It will be seen that in the Jones case his inventive activities covered a period of less than four months, from the middle of March, 1891, to the last week in June following, during which he conceived the device in question, made sketches, caused working drawings, patterns, and castings to be made, and the machine work to be done, and installed the completed machiue in successfuloperation. During this time Dailey did nothing. This was all within the time when Dailey's castings were at the Excelsior Machine Works, where the evident understanding from Dailey's directions was that they could as they were able do the work, and accordingly they stored the castings.

If Dailey had not perfected the invention at the time Jones had done so, but was reasonably diligent in his efforts to do so, then by reason of his earlier conception he will prevail. If, on the other hand, he falters in his diligence, and, for a stronger reason, if there is what amounts to an election of a different course for his supposed advantage, according to the plainest principles of equity, it must not be invoked to the detriment of another innocent party.

Dailey being the tirst to conceive, is this delay justifiable under all the circumstances! It is attempted to excuse it by the fact that the management of the Belgian mill was not willing to make trial of the Dailey juvention until after another invention by Day and Arkless should be tried, and by the fact that the mill itself was undergoing change and extension, and by the fact that as Day and Arkless were in the inauagement of the mill Dailey thought it best not to antagonize them by unduly pressing his owu device. His own regular work was somewhat in arrears at this time on account of a former sickness; but Dailey says he felt warranted to put off the completion of his machine until it should be adopted by the management, but says that had he understood patents as he did later he would have prosecuted it any way.

Doubtless upon the balancing of the advantages of the two courses presented to him Dailey had reason to prefer delay to a quicker prosecution of his work; but the reasons are not such as allow him to keep the advantage of his earlier conception as against another and wholly independeut inventor who, although he enters the field later, stops for nothing until his machine is installed in successful operation. In the cases where delay is excused there is something of compelling power in the circumstances that produce it.

In Smith v. Goodyear Dental Vulcanite Company (C. D., 1877, 171; 11 0. G., 246; 93 U.S., 486, 491) Doctor Cummings, the inventor, was in a condition of extreme poverty-utterly unable to bear the necessary expenses of prosecuting his case, compelled to borrow small sums for the necessaries of life, to make applications to friends for advances to enable him to prosecute his application, offering large interests in the patent when obtained, and never remitted his efforts until he succeeded, and even at the last had not the necessary money to pay the final fee.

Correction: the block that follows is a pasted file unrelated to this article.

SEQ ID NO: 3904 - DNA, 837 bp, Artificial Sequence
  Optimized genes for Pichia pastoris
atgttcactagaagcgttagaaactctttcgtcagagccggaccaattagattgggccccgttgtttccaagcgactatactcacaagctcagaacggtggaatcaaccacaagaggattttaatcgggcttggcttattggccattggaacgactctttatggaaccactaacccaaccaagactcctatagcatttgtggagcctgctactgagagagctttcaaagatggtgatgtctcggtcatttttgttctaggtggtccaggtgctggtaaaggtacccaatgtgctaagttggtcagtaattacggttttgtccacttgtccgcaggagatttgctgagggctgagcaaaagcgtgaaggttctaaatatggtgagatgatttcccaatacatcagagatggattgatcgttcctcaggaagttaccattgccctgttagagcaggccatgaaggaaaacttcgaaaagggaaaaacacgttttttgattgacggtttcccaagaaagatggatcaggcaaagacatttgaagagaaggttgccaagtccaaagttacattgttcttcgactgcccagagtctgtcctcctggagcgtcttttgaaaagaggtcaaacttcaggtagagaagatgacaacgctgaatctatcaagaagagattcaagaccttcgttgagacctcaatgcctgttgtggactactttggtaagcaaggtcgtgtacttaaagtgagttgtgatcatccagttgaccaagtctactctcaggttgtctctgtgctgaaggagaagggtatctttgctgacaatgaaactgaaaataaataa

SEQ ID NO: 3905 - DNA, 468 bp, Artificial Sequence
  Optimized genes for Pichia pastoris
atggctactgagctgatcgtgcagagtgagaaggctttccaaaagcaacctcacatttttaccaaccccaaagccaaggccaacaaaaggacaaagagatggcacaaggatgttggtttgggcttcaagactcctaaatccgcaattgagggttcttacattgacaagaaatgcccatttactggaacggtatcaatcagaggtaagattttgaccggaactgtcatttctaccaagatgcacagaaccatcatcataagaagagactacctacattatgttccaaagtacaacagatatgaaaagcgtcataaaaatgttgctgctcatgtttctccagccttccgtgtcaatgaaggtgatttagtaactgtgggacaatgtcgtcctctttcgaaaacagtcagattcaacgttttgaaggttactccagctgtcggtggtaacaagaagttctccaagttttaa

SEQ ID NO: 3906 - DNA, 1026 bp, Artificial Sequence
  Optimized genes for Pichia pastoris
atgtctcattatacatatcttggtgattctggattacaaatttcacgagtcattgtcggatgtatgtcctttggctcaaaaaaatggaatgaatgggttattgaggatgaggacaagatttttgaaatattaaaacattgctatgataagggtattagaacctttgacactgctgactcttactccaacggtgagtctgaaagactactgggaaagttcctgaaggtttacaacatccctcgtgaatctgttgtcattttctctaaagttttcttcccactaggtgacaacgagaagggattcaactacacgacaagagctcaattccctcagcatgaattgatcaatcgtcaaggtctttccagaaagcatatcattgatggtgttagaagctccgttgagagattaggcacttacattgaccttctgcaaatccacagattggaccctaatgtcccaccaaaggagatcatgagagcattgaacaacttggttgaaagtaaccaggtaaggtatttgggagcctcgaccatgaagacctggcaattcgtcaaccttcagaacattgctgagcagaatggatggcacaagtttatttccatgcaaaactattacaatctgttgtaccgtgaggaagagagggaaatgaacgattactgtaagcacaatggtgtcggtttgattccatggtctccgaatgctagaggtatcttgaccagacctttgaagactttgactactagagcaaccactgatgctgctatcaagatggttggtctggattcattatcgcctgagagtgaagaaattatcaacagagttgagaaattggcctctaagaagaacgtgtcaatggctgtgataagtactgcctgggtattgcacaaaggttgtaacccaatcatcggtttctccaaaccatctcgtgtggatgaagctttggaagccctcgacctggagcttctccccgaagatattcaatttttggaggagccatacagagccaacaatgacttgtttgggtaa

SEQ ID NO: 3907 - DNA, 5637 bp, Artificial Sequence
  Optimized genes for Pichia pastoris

In the case before me it appears by the plainest inference that, while the machine was somewhat costly, Dailey had means, credit, iufluence, and friends, and that he was not brought to a standstill by anything in the nature of compulsion; but the cost of the machine does not enter into the case upon the question of diligence, for substantially all the money obligations had beeu incurred and closed with the order for the final machine work prior to this year of fatal inactivity. Delay as the chosen alternative to activity, with advantages which, on the whole, are preferred on business grounds, excludes the claim to such prosecution of a conception to successful reduction to practice as enables its author to retain his precedence in conception.

Dailey's sickness, which is also urged in extenuation of his delays, was earlier than the period herein referred to, and in addition it is noted that it was during his sickness that he made most rapid progress with his inveution.

Judgment of priority is awarded to Jones, and the decisions of the Examiner of Interferences and of the Examiners-in-Chief are reversed.


Decided June 16, 1894.

68 O. G., 533.


Where conception and reduction to practice on the part of one of the contestants is established beyond doubt to have been at a certain date, and when his opponent fails to produce a single sketch or exhibit of the numorous sketches and specimens alleged by him to have been made earlier than the said certain date, without any serious attempt to recover them and with their loss insuffi. ciently accounted for, and where certain of his claims of earlier production are found to be disproved and others improbable, Held that there is a failure of proof that the invention existed prior to the date established by the firstmentioned contestant. APPEAL from the Examiners-in-Chief.